In view of increased consumer demand for motor vehicles equipped with advanced comfort and convenience features, many modern motor vehicles are now provided with passive entry systems to permit locking and release of closure panels (i.e., doors, tailgates, liftgates and decklids) without use of a traditional key-type entry system. In this regard, some popular features now available with vehicle latch systems include power locking/unlocking, power release and power cinching. These “powered” features are provided by a latch assembly mounted to the closure panel and which includes a ratchet and pawl type of latching mechanism controlled via at least one electric actuator. Typically, the closure panel is held in a closed position by virtue of the ratchet being positioned in a striker capture position to releaseably retain a striker that is mounted to a structural portion of the vehicle. The ratchet is held in its striker capture position by the pawl engaging the ratchet in a ratchet holding position. In most ratchet and pawl type of latching mechanisms, the pawl is operable in its ratchet holding position to retain the ratchet in one of an initial or soft close striker capture position and a primary or hard close striker capture position. Latch assemblies providing a power cinching feature are typically equipped with a cinching mechanism operated by an electric actuator. Commonly, the cinching mechanism is directly connected to the ratchet and, when actuated, is operable for moving the ratchet from its initial striker capture position into its primary striker capture position, thereby cinching the closure panel in its closed position. To subsequently release the closure panel from its closed position, a release mechanism is actuated for moving the pawl from its ratchet holding position into a ratchet release position, whereby a ratchet biasing arrangement forcibly pivots the ratchet from its primary striker capture position into a striker release position so as to release the striker. In latch assemblies providing a power release feature, the release mechanism is controlled by an electric actuator. A common electric actuator or separate electric actuators can be used in associated with the power release and power cinching features. However, the power release feature is typically independent from the power cinch feature. As an alternative, it is also known to employ a double pawl type of latching mechanism to reduce the release effort required for the electric actuator to release the latching mechanism.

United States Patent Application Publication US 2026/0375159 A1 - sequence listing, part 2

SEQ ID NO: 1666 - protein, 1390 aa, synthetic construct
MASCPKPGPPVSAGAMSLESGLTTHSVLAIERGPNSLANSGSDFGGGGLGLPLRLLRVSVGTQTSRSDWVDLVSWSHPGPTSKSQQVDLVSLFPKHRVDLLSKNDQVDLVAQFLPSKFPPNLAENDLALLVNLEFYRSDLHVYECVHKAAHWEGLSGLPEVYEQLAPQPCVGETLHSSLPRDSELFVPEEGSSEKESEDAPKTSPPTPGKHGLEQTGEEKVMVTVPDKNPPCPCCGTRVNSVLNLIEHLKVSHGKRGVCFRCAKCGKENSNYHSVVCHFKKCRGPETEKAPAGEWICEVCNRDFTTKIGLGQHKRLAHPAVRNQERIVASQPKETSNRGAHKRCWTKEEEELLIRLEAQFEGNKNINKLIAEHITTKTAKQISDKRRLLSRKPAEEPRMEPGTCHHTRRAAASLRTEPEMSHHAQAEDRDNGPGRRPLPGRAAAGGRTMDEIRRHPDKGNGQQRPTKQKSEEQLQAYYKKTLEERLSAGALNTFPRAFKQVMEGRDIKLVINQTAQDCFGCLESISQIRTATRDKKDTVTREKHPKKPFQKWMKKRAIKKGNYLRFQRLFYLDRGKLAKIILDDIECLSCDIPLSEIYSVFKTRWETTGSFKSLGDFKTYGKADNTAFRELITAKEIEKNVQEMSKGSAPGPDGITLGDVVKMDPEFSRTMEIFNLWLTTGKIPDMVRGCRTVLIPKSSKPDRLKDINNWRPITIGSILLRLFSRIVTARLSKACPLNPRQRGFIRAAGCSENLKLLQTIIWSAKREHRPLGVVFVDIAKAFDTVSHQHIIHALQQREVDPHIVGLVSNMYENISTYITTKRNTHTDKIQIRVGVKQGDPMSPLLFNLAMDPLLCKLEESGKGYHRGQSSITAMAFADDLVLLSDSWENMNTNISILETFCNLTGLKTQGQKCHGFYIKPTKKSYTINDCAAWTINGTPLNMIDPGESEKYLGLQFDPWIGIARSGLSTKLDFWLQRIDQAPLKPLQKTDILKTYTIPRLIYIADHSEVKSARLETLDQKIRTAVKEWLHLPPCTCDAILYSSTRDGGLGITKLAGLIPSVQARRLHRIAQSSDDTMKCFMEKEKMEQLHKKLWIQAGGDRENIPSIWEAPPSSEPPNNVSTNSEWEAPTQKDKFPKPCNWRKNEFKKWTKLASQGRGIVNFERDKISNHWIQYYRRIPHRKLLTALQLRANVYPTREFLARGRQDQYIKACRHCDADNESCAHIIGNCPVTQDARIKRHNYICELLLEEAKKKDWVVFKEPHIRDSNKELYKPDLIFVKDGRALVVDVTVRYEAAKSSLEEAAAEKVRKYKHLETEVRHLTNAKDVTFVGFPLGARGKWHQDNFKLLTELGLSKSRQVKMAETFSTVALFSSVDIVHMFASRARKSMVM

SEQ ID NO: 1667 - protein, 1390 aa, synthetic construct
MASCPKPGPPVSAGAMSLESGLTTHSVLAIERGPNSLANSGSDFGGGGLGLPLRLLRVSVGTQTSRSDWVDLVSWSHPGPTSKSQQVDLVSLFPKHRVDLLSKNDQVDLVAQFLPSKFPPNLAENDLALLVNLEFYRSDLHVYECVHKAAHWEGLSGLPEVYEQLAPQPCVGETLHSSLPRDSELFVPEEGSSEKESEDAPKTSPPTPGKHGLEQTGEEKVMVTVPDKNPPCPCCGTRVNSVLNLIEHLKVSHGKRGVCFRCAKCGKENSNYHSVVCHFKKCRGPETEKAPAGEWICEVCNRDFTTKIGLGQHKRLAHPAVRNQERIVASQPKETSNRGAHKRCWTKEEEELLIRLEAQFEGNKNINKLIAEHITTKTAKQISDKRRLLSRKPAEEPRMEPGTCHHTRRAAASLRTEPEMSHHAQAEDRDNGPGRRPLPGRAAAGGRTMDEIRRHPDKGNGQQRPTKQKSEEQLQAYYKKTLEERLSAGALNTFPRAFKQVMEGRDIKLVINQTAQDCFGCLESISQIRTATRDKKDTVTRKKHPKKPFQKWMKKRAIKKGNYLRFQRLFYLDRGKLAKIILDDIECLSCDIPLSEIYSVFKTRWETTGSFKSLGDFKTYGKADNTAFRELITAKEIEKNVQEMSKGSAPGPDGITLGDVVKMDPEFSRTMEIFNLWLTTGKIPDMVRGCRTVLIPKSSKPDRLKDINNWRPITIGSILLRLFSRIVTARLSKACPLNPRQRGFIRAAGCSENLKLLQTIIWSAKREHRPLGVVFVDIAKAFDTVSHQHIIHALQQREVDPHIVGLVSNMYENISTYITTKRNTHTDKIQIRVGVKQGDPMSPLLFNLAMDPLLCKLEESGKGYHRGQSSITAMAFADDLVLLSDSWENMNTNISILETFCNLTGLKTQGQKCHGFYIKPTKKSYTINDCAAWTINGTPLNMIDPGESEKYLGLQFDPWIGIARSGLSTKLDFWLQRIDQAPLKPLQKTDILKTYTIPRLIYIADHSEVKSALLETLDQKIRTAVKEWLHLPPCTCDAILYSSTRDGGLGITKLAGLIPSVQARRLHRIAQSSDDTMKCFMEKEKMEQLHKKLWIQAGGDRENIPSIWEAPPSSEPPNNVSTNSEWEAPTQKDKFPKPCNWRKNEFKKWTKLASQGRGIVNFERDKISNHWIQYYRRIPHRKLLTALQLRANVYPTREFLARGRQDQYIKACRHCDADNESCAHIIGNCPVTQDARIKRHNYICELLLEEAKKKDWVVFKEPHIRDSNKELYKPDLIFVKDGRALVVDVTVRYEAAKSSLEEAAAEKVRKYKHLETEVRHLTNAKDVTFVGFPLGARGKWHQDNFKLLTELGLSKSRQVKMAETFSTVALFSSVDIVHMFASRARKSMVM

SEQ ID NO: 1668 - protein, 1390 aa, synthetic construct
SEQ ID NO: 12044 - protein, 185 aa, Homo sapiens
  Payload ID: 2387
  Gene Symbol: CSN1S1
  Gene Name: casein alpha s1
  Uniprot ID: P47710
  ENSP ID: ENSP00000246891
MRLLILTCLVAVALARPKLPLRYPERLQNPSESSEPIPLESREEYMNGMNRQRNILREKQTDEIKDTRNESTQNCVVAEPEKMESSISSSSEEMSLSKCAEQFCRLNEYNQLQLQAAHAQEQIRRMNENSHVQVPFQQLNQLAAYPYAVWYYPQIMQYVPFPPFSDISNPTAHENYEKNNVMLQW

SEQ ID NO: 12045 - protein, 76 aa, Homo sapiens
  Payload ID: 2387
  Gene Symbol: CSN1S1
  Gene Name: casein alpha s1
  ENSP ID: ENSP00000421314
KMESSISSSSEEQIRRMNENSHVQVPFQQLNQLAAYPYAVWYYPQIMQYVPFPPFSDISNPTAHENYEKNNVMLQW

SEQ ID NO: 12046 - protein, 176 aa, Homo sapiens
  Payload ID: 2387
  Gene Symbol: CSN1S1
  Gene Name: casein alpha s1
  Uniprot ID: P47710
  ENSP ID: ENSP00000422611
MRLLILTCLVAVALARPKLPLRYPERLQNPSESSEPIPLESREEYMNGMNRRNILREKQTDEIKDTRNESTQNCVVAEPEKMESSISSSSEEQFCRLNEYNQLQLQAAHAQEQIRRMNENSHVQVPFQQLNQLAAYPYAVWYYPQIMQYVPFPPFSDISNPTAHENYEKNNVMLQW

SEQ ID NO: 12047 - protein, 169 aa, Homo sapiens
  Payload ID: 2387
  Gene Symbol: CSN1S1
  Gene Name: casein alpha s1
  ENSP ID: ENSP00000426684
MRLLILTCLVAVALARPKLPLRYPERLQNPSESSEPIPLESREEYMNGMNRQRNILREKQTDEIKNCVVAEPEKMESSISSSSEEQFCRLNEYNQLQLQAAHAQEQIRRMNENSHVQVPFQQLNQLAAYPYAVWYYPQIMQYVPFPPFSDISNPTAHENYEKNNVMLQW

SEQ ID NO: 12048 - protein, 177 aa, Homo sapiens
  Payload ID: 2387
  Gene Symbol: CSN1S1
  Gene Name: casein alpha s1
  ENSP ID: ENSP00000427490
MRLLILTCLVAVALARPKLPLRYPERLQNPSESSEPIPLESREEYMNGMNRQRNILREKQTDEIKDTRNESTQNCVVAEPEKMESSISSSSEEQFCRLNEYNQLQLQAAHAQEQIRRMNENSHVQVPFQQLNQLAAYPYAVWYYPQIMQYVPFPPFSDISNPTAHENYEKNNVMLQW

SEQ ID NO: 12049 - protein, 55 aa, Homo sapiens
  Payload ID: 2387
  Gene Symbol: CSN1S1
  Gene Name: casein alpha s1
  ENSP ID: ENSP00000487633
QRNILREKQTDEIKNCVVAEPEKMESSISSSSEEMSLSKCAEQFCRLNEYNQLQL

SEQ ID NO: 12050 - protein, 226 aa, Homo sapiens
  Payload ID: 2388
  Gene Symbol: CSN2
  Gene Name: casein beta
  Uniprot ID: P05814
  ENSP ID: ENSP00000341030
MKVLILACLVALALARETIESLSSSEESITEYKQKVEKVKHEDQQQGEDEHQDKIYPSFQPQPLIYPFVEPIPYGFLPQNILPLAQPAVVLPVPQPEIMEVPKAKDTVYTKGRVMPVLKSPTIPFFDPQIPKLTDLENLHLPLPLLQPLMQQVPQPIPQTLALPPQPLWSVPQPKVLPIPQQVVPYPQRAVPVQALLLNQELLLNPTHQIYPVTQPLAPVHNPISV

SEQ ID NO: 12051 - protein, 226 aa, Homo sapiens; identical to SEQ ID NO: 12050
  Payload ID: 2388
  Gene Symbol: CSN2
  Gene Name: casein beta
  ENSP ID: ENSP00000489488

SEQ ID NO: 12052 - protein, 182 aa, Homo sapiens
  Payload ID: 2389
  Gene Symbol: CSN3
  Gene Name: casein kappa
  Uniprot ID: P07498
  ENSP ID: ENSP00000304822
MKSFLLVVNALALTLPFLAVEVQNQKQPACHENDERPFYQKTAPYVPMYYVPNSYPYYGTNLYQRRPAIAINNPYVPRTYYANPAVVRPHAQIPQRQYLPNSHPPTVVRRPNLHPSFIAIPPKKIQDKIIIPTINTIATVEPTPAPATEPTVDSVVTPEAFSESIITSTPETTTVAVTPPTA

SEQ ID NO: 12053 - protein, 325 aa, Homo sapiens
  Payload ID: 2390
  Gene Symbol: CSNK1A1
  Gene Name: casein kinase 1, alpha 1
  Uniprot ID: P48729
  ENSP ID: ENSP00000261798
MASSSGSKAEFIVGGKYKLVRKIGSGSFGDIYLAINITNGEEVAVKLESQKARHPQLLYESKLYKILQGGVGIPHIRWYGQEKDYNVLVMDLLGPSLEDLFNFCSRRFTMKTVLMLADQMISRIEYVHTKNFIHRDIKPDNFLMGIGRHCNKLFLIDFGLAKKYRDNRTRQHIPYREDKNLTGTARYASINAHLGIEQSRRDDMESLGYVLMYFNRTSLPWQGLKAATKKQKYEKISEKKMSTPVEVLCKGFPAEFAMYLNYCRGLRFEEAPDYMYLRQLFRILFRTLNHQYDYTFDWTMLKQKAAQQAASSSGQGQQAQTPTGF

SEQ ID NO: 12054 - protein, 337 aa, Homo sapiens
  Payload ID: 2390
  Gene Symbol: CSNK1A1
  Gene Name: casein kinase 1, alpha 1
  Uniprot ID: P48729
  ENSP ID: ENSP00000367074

In most latch assemblies equipped with a power cinching feature, the cinching mechanism is normally maintained in a non-actuated or “stand-by” condition and is only shifted into an actuated condition once the sensors indicate that the ratchet is located in its initial striker capture position. Following completion of the cinching operation, when the sensors indicate that the ratchet is located in its primary striker capture position, the cinching mechanism must be “reset”, that is returned to its stand-by condition, to permit subsequent uninhibited movement of the ratchet to its striker release position via actuation of the release mechanism. If the closure panel is initially closed with a sufficient closing force to locate the ratchet in its primary striker capture position, then the cinching operation is bypassed and the cinching mechanism is retained in its stand-by condition. One example of a power cinching latch assembly is disclosed in U.S. Pat. No. 6,341,448 as having a cable-type cinching mechanism.